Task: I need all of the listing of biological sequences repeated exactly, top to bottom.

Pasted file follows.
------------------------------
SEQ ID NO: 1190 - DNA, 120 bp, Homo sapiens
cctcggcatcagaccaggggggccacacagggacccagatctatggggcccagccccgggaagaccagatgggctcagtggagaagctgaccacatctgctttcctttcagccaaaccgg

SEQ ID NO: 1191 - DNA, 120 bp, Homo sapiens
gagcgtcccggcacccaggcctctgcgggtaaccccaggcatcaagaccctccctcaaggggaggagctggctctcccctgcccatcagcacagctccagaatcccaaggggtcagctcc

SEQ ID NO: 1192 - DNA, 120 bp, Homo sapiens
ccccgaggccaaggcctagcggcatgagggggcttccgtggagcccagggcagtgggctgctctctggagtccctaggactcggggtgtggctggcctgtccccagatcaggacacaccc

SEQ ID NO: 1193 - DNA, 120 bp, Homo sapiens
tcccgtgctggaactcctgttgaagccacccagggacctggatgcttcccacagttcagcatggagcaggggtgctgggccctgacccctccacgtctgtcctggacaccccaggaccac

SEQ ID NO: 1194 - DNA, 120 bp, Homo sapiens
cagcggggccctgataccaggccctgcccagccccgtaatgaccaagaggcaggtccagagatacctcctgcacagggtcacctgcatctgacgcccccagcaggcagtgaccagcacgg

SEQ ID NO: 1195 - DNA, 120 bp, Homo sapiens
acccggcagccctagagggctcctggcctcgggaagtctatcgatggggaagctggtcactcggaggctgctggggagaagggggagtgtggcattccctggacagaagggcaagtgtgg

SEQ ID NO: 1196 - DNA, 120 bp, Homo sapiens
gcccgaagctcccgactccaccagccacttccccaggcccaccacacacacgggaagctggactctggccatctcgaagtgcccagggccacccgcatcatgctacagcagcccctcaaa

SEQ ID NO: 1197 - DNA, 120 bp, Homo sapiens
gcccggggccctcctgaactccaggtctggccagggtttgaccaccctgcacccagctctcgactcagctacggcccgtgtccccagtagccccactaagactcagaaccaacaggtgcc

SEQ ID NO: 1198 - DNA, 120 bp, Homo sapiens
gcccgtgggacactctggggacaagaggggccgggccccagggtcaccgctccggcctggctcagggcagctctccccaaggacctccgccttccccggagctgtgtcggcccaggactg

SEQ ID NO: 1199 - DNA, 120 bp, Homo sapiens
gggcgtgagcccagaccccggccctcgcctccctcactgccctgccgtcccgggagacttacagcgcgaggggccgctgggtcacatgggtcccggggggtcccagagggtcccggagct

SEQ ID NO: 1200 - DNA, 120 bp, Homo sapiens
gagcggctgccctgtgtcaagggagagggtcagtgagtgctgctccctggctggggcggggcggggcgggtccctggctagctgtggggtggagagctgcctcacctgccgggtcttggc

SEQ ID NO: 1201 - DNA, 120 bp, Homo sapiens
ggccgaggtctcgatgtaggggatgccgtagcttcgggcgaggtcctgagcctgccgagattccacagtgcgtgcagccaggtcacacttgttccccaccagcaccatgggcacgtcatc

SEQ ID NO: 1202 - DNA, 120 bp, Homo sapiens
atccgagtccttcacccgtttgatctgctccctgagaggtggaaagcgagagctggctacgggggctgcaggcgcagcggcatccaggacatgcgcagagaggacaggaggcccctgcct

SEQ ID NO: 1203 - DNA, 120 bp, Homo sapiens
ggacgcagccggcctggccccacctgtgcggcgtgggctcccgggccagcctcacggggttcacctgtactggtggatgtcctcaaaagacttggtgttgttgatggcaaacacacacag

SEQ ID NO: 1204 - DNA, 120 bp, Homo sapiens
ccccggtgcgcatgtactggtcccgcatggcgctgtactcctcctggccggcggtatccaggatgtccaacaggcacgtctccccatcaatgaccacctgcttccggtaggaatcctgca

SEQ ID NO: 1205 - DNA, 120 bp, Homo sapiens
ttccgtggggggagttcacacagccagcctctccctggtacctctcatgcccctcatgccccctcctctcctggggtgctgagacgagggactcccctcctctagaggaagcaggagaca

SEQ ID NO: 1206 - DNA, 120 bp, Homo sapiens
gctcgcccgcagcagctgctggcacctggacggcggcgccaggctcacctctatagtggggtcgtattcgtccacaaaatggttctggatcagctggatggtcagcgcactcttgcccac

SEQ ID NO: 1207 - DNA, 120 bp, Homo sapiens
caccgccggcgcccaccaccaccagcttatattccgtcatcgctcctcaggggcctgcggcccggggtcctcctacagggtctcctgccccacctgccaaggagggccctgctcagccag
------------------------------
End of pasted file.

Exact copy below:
SEQ ID NO: 1190 - DNA, 120 bp, Homo sapiens
cctcggcatcagaccaggggggccacacagggacccagatctatggggcccagccccgggaagaccagatgggctcagtggagaagctgaccacatctgctttcctttcagccaaaccgg

SEQ ID NO: 1191 - DNA, 120 bp, Homo sapiens
gagcgtcccggcacccaggcctctgcgggtaaccccaggcatcaagaccctccctcaaggggaggagctggctctcccctgcccatcagcacagctccagaatcccaaggggtcagctcc

SEQ ID NO: 1192 - DNA, 120 bp, Homo sapiens
ccccgaggccaaggcctagcggcatgagggggcttccgtggagcccagggcagtgggctgctctctggagtccctaggactcggggtgtggctggcctgtccccagatcaggacacaccc

SEQ ID NO: 1193 - DNA, 120 bp, Homo sapiens
tcccgtgctggaactcctgttgaagccacccagggacctggatgcttcccacagttcagcatggagcaggggtgctgggccctgacccctccacgtctgtcctggacaccccaggaccac

SEQ ID NO: 1194 - DNA, 120 bp, Homo sapiens
cagcggggccctgataccaggccctgcccagccccgtaatgaccaagaggcaggtccagagatacctcctgcacagggtcacctgcatctgacgcccccagcaggcagtgaccagcacgg

SEQ ID NO: 1195 - DNA, 120 bp, Homo sapiens
acccggcagccctagagggctcctggcctcgggaagtctatcgatggggaagctggtcactcggaggctgctggggagaagggggagtgtggcattccctggacagaagggcaagtgtgg

SEQ ID NO: 1196 - DNA, 120 bp, Homo sapiens
gcccgaagctcccgactccaccagccacttccccaggcccaccacacacacgggaagctggactctggccatctcgaagtgcccagggccacccgcatcatgctacagcagcccctcaaa

SEQ ID NO: 1197 - DNA, 120 bp, Homo sapiens
gcccggggccctcctgaactccaggtctggccagggtttgaccaccctgcacccagctctcgactcagctacggcccgtgtccccagtagccccactaagactcagaaccaacaggtgcc

SEQ ID NO: 1198 - DNA, 120 bp, Homo sapiens
gcccgtgggacactctggggacaagaggggccgggccccagggtcaccgctccggcctggctcagggcagctctccccaaggacctccgccttccccggagctgtgtcggcccaggactg

SEQ ID NO: 1199 - DNA, 120 bp, Homo sapiens
gggcgtgagcccagaccccggccctcgcctccctcactgccctgccgtcccgggagacttacagcgcgaggggccgctgggtcacatgggtcccggggggtcccagagggtcccggagct

SEQ ID NO: 1200 - DNA, 120 bp, Homo sapiens
gagcggctgccctgtgtcaagggagagggtcagtgagtgctgctccctggctggggcggggcggggcgggtccctggctagctgtggggtggagagctgcctcacctgccgggtcttggc

SEQ ID NO: 1201 - DNA, 120 bp, Homo sapiens
ggccgaggtctcgatgtaggggatgccgtagcttcgggcgaggtcctgagcctgccgagattccacagtgcgtgcagccaggtcacacttgttccccaccagcaccatgggcacgtcatc

SEQ ID NO: 1202 - DNA, 120 bp, Homo sapiens
atccgagtccttcacccgtttgatctgctccctgagaggtggaaagcgagagctggctacgggggctgcaggcgcagcggcatccaggacatgcgcagagaggacaggaggcccctgcct

SEQ ID NO: 1203 - DNA, 120 bp, Homo sapiens
ggacgcagccggcctggccccacctgtgcggcgtgggctcccgggccagcctcacggggttcacctgtactggtggatgtcctcaaaagacttggtgttgttgatggcaaacacacacag

SEQ ID NO: 1204 - DNA, 120 bp, Homo sapiens
ccccggtgcgcatgtactggtcccgcatggcgctgtactcctcctggccggcggtatccaggatgtccaacaggcacgtctccccatcaatgaccacctgcttccggtaggaatcctgca

SEQ ID NO: 1205 - DNA, 120 bp, Homo sapiens
ttccgtggggggagttcacacagccagcctctccctggtacctctcatgcccctcatgccccctcctctcctggggtgctgagacgagggactcccctcctctagaggaagcaggagaca

SEQ ID NO: 1206 - DNA, 120 bp, Homo sapiens
gctcgcccgcagcagctgctggcacctggacggcggcgccaggctcacctctatagtggggtcgtattcgtccacaaaatggttctggatcagctggatggtcagcgcactcttgcccac

SEQ ID NO: 1207 - DNA, 120 bp, Homo sapiens
caccgccggcgcccaccaccaccagcttatattccgtcatcgctcctcaggggcctgcggcccggggtcctcctacagggtctcctgccccacctgccaaggagggccctgctcagccag